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Remembering Wayne Strandlund: a MIC Pioneer Who Bet on Integrity

A year ago, we lost Wayne Strandlund, an alternative mortgage innovator and one of the finest men I've met over my 17 years in the mortgage business. MLN doesn't do many remembrance stories, but Wayne deserves remembering because of what his life teaches. Here is his story. It doesn't do Wayne Strandlund justice to call him a shrewd businessman and trailblazer in Canada's mortgage industry. His business methods reflected a commitment to his customers and investors that went well beyond the norm

A year ago, we lost Wayne Strandlund, an alternative mortgage innovator and one of the finest men I've met over my 17 years in the mortgage business. MLN doesn't do many remembrance stories, but Wayne deserves remembering because of what his life teaches. Here is his story.


It doesn't do Wayne Strandlund justice to call him a shrewd businessman and trailblazer in Canada's mortgage industry. His business methods reflected a commitment to his customers and investors that went well beyond the norm.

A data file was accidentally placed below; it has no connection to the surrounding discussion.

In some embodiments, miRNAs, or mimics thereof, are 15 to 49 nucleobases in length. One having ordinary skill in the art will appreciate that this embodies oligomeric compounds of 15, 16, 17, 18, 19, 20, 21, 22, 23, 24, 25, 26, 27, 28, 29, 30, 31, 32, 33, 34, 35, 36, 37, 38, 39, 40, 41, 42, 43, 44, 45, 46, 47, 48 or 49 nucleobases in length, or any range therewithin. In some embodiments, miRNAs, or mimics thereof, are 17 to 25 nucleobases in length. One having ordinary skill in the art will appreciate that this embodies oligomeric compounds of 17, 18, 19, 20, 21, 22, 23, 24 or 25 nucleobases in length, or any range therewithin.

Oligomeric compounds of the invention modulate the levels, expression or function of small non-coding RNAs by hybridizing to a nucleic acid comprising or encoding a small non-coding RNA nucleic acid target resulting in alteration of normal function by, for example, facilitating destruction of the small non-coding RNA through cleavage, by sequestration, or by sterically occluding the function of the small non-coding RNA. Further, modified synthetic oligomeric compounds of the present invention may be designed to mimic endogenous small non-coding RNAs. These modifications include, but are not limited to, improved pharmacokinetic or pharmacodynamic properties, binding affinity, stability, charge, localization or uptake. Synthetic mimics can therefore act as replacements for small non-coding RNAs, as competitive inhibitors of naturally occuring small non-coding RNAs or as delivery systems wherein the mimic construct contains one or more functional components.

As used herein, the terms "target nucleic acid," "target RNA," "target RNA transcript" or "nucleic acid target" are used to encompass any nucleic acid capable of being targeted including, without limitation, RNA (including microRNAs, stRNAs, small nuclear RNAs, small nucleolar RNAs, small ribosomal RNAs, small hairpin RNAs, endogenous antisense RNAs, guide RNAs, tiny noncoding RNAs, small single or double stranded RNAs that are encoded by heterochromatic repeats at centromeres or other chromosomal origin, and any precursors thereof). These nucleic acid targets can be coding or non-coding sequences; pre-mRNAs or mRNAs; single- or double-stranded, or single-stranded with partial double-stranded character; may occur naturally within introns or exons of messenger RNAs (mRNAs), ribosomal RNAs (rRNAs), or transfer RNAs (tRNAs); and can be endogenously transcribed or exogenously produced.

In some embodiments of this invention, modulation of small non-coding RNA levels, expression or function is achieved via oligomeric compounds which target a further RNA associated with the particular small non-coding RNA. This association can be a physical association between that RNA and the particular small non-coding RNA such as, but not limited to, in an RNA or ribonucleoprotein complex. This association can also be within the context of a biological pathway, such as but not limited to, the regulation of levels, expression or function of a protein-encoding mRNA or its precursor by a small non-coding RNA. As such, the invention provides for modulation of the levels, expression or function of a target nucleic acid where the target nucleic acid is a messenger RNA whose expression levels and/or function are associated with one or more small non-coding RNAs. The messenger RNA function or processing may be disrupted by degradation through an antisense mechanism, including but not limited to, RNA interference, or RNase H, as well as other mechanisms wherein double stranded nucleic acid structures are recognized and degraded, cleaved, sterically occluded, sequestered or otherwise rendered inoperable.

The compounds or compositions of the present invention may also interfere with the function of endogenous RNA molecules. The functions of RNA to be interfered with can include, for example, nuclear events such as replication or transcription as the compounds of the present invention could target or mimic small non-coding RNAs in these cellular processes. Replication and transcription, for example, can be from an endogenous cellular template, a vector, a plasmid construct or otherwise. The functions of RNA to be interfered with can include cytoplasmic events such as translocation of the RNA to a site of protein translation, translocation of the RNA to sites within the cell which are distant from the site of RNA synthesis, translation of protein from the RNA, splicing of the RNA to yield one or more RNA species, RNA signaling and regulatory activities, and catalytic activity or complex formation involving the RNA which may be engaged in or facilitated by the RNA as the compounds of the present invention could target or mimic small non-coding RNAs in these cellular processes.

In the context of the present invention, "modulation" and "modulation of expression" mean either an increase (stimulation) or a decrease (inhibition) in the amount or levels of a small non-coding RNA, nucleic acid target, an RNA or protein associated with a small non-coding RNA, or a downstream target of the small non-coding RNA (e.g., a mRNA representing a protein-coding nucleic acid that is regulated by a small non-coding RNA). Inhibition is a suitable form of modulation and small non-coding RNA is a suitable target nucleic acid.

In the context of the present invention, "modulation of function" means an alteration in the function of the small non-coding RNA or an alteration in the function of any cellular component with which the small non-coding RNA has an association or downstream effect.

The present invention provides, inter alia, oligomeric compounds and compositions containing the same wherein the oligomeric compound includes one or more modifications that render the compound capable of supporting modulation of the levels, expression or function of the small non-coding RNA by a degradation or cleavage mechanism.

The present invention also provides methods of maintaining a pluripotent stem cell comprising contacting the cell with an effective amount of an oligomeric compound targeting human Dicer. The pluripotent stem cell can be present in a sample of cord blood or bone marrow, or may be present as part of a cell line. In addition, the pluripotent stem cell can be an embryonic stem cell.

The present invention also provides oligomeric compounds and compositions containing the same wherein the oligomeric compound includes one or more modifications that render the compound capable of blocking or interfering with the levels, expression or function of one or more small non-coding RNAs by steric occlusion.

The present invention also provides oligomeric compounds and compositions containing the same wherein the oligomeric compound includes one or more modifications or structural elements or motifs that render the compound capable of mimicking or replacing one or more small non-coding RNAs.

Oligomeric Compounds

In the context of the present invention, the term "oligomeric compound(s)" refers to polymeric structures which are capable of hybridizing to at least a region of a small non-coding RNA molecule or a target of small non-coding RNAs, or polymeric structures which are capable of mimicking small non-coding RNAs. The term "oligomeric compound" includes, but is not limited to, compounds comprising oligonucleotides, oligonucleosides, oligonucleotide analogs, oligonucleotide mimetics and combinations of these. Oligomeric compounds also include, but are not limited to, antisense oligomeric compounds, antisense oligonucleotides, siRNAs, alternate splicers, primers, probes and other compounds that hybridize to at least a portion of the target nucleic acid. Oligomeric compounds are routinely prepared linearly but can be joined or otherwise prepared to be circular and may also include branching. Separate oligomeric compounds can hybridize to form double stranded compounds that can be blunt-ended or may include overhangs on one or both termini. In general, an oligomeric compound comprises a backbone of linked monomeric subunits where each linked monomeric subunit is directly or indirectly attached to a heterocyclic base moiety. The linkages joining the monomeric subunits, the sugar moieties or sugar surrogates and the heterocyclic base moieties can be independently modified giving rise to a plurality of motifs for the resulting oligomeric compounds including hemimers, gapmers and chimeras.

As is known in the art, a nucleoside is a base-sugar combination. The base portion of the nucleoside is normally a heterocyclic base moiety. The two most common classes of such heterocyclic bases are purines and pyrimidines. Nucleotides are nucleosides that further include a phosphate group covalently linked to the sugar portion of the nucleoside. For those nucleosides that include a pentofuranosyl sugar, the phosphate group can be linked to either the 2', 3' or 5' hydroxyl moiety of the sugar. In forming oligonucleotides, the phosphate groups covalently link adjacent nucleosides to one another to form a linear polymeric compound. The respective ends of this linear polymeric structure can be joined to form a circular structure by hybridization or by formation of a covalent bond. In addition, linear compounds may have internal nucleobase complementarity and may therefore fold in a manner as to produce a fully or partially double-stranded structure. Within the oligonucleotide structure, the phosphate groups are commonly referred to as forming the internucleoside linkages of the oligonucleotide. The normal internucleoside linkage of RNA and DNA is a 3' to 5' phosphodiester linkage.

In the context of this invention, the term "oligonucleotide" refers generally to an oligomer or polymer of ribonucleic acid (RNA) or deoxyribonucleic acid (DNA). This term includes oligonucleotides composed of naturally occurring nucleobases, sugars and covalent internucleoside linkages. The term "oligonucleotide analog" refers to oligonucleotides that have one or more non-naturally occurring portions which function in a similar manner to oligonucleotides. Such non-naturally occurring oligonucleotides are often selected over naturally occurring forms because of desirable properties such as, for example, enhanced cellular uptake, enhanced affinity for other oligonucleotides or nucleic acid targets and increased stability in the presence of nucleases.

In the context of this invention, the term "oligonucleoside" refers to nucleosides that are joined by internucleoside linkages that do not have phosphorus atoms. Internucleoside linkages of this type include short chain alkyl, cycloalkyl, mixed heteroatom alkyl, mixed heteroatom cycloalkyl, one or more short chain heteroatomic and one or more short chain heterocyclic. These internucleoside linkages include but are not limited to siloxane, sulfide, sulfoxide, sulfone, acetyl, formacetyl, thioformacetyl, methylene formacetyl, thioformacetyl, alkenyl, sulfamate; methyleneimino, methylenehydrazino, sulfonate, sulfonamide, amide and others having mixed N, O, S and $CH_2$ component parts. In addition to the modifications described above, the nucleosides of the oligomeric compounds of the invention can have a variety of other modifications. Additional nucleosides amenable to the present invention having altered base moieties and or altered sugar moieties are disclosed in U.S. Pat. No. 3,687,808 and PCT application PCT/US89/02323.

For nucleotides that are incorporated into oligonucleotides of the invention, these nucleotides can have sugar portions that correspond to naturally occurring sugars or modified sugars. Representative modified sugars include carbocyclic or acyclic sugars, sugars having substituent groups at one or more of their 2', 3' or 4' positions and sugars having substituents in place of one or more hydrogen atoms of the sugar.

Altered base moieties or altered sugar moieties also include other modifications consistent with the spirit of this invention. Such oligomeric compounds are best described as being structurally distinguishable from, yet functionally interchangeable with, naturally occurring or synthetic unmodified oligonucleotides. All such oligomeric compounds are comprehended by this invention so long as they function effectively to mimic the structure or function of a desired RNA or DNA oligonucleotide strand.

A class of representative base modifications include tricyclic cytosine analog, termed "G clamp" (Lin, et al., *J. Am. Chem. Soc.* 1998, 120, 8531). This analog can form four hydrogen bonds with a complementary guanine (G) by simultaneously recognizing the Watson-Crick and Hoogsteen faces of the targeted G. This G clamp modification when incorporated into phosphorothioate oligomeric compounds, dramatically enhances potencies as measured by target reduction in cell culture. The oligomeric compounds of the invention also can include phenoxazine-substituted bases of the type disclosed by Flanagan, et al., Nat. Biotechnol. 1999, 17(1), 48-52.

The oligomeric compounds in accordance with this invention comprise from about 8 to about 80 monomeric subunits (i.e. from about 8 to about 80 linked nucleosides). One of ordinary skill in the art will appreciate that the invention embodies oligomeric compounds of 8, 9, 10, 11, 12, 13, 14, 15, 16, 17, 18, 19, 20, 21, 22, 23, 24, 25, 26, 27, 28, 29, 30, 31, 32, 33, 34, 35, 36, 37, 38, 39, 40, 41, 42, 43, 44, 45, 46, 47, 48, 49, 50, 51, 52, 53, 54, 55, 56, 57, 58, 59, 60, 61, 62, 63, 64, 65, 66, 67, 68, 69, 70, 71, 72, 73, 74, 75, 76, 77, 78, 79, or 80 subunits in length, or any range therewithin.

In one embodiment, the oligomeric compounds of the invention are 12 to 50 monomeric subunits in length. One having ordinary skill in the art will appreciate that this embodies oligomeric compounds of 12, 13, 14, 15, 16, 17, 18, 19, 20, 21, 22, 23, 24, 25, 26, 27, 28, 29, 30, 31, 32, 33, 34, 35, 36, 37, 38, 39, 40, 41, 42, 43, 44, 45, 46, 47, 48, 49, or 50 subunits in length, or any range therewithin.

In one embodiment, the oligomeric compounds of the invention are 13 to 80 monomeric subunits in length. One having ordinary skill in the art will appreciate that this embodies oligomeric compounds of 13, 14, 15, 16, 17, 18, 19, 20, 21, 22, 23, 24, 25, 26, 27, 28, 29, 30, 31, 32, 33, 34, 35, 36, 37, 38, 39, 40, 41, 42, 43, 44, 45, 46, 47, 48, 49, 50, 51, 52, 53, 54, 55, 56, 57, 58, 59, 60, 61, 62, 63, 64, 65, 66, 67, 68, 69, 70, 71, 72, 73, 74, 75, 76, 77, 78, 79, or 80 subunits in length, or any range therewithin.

Wayne's journey began humbly as a farm boy in Saskatchewan. His path led him to Victoria, B.C., where he established himself as a realtor in 1968 and a mortgage broker in the 1970s, long before these professions reached their heydeys.

As a mortgage broker, he saw the need for alternative lending, so he founded a tiny boutique lender. That modest private financing venture would later become one of Canada's most respected mortgage investment corporations (MICs), Victoria-based Fisgard Asset Management.

Through his 50 years of stewardship, Fisgard grew to become a $272 million MIC. Wayne ensured it never lost money for its investors, even in the hard times of 2010/11 when more than 1 in 10 of its mortgages were in arrears. He refused to take management fees for three years after the financial crisis to ensure his investors got sufficient returns.

"He just said, 'You know what? We wrote these mortgages, and our investors shouldn’t suffer',” recalls his daughter Hali Noble, a managing director at Fisgard and former Mortgage Professionals Canada Chair.

For a man like Wayne, it was more important that investors retain their trust in Fisgard than to make more money. Reputation superseded everything else, he felt, because you could never get it back if you lost it.